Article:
It is easy for big city editors and academics to broadly dismiss the real issues that employers face as we try to find and hire skilled workers. There are systemic disincentives and cultural issues that are discouraging people from getting the skills that could lead to a great career in precision machining and advanced manufacturing.
PMPA President and Member Darlene Miller, President and CEO of Permac Industries in Burnsville, MN was mentioned in INC Magazine’s Latest Article on the Skills Gap.
The article shares the success of Darlene Miller’s efforts to jump start the creation of a training program for machinists in her area.
“Darlene Miller, CEO and owner of Permac Industries in Burnsville and a former member of the President’s Council on Jobs and Competitiveness, contacted the Manufacturing Institute to develop a fast-track program, Right Skills Now. Area companies worked closely with two community colleges to create a 24-week intensive course, including internship, that launched in October 2012.
So far, businesses are happy with the result; graduates “are scarfed up as soon as they finish,” Miller says. The program has spread to eight states; four groups of 18 to 20 people have finished in Minnesota, with a placement rate approaching 95 percent.”
But the INC Article glosses over some very critical issues in an attempt to poo-poo the fact that “there are issues finding people for specific jobs in specific industries;” and states that in the workforce as a whole there is no skills gap.
Issue: Schools are not preparing students for careers in advanced manufacturing. Check..
- Weak math skills in applicants,
- Inability to use ruler, let alone micrometers or more sophisticated gaging,
- Lack of shop classes in most school districts.
These are facts that we face with most applicants right out of school.
Issue: Unmotivated workforce. Check.
- Workforce participation rate has never been lower since they started keeping track of it.
- Why work when you can collect benefits?
- Our shop owners report that many applicants are just going through the motions since they still have many weeks of extended federal benefits.
- Also many applicants can’t pass a drug test. One PMPA member told me that they lost 2/3 of their new hires within a year for either drugs or failure to show up to work as scheduled.
This is reality. Generous unemployment benefits and their extension provide a disincentive to people to work.
Issue: Employers aren’t training. Hogwash.
- Our shops provide many forms of training to our new hires as well as our established employees.
- Many provide training in house through ToolingU.
- Many have arrangements with local schools to provide coursework on premises.
- Many have tuition Reimbursement Programs.
- Also, PMPA provides CEU recognition to member company employees who attend association provided training events.
It is easy for big city editors and academics to broadly dismiss the real issues that employers face as we try to find and hire skilled workers.Skilled workers to add value in our advanced manufacturing precision machining shops. But the facts that our shop owners face daily establish that there is a skills gap in our industry. Despite the best efforts of our company managements, trade association, and community colleges to make a difference, there are systemic disincentives and cultural issues that are discouraging people from getting the skills that could lead to a great career in precision machining and advanced manufacturing.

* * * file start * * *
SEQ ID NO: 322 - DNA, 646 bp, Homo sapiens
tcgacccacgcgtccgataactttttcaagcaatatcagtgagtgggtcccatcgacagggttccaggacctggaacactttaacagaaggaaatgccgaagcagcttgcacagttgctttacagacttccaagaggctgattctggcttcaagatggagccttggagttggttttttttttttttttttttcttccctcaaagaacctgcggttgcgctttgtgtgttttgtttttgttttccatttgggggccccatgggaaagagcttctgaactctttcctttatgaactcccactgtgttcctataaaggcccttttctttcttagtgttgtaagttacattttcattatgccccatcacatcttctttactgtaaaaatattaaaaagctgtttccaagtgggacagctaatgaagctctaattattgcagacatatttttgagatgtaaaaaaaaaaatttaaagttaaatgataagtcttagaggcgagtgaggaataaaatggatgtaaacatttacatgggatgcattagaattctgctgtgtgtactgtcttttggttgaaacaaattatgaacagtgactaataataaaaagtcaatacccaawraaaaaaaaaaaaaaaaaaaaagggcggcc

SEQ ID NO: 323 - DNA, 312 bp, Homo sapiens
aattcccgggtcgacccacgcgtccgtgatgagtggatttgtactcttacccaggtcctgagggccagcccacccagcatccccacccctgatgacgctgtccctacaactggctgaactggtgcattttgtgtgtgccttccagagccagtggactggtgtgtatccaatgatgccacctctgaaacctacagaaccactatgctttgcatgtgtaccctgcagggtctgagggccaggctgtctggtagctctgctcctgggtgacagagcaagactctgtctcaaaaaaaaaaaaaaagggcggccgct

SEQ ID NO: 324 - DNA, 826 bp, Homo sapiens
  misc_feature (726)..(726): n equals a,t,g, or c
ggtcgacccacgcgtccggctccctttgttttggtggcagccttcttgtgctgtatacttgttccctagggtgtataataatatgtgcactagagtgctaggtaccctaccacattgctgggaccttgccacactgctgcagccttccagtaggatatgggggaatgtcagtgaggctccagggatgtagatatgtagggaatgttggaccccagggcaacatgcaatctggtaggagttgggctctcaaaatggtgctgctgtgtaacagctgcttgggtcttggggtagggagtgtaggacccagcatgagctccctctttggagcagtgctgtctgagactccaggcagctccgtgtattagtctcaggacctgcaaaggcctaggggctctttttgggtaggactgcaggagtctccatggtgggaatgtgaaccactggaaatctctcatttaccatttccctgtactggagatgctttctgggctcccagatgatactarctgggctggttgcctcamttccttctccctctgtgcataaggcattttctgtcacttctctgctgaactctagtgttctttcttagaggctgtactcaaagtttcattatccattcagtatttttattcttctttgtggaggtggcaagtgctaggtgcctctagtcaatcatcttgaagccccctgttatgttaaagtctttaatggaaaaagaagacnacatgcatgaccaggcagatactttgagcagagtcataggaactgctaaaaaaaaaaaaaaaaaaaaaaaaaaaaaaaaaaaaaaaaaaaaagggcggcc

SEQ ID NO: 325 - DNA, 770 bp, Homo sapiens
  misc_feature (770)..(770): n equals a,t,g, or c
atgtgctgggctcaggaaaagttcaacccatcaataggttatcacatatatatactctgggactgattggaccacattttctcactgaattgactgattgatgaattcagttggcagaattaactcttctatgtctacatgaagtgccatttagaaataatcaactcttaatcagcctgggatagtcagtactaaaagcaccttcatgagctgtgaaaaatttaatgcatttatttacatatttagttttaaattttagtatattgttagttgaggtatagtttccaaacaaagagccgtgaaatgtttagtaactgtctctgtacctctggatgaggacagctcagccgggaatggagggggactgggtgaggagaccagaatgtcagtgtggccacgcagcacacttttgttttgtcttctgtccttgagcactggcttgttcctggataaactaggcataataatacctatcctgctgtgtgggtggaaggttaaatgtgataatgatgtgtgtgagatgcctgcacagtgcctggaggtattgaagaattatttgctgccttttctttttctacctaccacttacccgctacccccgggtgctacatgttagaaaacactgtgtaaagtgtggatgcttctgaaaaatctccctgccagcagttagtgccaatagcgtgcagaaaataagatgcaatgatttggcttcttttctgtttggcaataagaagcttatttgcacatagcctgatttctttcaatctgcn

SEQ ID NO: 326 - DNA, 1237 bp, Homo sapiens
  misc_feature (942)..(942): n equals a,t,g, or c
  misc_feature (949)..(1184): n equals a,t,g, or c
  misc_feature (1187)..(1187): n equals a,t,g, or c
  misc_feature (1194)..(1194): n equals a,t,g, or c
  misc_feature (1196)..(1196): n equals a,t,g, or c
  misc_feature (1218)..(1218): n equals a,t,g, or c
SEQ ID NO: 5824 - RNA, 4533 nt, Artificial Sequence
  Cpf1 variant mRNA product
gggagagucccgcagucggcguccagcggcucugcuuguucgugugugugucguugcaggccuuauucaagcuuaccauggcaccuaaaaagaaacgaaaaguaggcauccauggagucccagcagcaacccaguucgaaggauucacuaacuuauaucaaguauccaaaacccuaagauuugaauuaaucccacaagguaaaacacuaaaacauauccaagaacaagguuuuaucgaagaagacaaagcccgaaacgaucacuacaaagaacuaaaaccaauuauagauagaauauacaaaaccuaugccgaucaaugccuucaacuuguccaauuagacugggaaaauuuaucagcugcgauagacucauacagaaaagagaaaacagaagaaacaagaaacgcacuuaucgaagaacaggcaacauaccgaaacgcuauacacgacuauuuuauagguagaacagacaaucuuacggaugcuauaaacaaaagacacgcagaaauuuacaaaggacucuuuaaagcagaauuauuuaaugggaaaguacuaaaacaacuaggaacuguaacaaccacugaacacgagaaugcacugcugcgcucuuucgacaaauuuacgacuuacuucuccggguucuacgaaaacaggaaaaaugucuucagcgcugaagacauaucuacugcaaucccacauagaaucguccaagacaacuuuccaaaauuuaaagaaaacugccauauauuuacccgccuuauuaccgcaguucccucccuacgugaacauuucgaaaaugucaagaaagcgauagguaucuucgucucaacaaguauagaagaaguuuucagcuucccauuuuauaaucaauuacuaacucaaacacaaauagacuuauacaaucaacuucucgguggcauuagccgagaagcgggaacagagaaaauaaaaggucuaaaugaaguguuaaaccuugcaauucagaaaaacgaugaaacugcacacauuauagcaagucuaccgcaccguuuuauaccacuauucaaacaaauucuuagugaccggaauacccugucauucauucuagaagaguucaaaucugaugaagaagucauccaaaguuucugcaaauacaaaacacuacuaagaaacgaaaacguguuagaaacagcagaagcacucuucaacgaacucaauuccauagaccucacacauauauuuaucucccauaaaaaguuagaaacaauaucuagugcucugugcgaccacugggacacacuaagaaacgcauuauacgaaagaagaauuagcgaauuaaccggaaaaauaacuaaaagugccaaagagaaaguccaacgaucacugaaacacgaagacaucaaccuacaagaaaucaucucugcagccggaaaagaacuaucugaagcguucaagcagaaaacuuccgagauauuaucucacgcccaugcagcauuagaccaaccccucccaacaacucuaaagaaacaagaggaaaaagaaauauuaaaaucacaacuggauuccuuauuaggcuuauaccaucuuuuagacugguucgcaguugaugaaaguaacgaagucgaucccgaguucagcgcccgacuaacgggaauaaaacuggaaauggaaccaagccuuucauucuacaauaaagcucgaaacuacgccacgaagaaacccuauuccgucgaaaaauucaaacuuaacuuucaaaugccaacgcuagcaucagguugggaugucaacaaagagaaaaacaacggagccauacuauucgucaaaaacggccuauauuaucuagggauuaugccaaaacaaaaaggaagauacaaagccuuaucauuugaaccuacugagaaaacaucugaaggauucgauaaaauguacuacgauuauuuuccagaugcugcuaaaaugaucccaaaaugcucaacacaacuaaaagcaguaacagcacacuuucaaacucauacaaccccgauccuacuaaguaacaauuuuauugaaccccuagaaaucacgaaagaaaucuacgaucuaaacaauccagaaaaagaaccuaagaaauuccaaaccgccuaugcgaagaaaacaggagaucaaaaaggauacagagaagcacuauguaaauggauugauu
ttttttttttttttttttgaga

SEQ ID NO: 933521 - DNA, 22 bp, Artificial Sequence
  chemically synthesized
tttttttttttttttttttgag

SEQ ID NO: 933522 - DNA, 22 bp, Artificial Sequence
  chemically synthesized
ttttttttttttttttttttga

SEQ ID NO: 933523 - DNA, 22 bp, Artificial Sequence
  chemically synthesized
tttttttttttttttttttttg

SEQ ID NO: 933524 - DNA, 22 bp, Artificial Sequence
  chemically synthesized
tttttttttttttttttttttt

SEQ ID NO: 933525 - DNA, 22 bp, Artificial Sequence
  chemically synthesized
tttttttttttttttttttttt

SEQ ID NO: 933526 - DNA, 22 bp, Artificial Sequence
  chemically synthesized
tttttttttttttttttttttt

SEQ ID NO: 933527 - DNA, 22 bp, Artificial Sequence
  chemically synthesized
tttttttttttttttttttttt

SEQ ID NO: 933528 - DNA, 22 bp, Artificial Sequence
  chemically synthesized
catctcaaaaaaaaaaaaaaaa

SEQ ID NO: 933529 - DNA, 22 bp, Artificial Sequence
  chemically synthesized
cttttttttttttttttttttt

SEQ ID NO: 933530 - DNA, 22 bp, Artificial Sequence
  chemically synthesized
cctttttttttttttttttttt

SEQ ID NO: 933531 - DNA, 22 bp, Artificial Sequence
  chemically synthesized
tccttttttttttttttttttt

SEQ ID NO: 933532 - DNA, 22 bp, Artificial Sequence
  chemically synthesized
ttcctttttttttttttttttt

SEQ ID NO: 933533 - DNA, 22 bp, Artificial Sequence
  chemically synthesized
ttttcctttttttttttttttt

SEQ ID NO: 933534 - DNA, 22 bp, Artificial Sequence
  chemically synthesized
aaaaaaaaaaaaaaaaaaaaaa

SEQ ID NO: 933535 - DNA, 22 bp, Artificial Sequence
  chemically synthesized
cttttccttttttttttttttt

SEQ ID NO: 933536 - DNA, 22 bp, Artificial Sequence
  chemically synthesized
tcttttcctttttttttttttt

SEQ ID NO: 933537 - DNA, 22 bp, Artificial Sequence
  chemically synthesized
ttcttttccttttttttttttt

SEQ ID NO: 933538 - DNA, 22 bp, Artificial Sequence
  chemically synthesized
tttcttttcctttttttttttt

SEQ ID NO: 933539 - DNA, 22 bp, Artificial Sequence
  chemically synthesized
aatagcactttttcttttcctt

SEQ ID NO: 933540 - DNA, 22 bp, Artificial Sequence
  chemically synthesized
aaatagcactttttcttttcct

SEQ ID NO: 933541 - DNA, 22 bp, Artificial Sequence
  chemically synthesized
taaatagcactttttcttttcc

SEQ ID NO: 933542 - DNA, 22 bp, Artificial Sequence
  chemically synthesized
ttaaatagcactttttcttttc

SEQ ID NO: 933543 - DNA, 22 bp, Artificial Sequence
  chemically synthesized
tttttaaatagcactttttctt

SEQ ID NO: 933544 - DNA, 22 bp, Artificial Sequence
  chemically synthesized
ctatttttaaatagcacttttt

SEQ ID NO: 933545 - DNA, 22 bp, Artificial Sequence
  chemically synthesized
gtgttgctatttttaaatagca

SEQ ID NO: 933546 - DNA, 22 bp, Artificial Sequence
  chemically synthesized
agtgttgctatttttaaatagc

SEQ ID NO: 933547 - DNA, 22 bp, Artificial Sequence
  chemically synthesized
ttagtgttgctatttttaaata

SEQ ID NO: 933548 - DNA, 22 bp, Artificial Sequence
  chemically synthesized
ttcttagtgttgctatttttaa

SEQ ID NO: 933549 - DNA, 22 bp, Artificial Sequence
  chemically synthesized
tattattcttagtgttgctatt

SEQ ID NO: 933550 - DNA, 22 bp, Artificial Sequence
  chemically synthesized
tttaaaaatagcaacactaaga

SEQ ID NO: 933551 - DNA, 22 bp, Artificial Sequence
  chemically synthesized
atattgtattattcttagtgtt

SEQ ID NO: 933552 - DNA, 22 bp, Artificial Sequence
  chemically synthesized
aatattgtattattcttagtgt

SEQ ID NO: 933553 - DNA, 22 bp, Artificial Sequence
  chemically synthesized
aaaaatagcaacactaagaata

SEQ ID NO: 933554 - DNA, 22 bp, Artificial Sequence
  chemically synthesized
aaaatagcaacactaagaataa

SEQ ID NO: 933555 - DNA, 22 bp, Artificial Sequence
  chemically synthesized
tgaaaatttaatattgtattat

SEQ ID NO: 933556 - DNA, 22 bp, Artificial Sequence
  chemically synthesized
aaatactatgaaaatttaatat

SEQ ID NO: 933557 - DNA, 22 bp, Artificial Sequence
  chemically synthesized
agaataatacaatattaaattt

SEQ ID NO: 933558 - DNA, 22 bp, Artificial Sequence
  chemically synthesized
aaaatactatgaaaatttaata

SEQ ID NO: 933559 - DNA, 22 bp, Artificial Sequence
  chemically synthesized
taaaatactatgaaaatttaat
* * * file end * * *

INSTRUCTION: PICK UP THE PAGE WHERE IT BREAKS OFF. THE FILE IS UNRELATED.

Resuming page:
What are you doing to address the skills gap? How do you see the skills gap in your efforts to add talent?
Photo credits INC Magazine
I agree completely with the conclusions that you have reached in this article. We do indeed have a ‘cultural and systemic’ aversion to training people for a job in manufacturing. I am the beneficiary of a four year degree in mechanical engineering but the best training that I have ever received was on the shop floor, learning from men who know how to actually produce tangible, functional products that serve a real use. This being in contrast to sitting in front of a computer, designing a product that can disappear with the first power failure!
Agree about learning by doing Michael. but it would be nice if they could read a ruler or work with decimals before we got them.
Not sure where these people are coming from – that can’t read a ruler or work with decimals. I’m pretty sure that this is required of all 8th graders. Perhaps this is a relatively new educational requirment (ability) or just at the very fine public school system that my kids go to. I hear lots of people complaining about the state of math in our schools “today” (as if they are comparing to the past…). Well then they need to meet my 10th grade daughter that is taking Pre-Calculus. I’m a college-degreed engineer, and I can’t easily help her with her homework. So, long-of-the-short is, I don’t think we can pin this (ruler and decimal thing) on the schools or the strict educational requirements that they are currently held to. I guess we might find the smoking gun elsewhere? I dunno…Maybe they forgot how?
Thanks for the post on this very important topic.
Hi Kevin, My wife works in retail in Medina Ohio. Our schools win all the highest awards. She recently had a high school senior that could not make change of 36 cents without using dimes. Could not get to 36 cents using a quarter, dime and penny 3 dimes a nickel and a penny. I congratulate you and most parents for the scholarship of their students, but the fact is that we are seeing folks who aren’t able to perform at your 8th standard. Thanks for the thoughtful comments.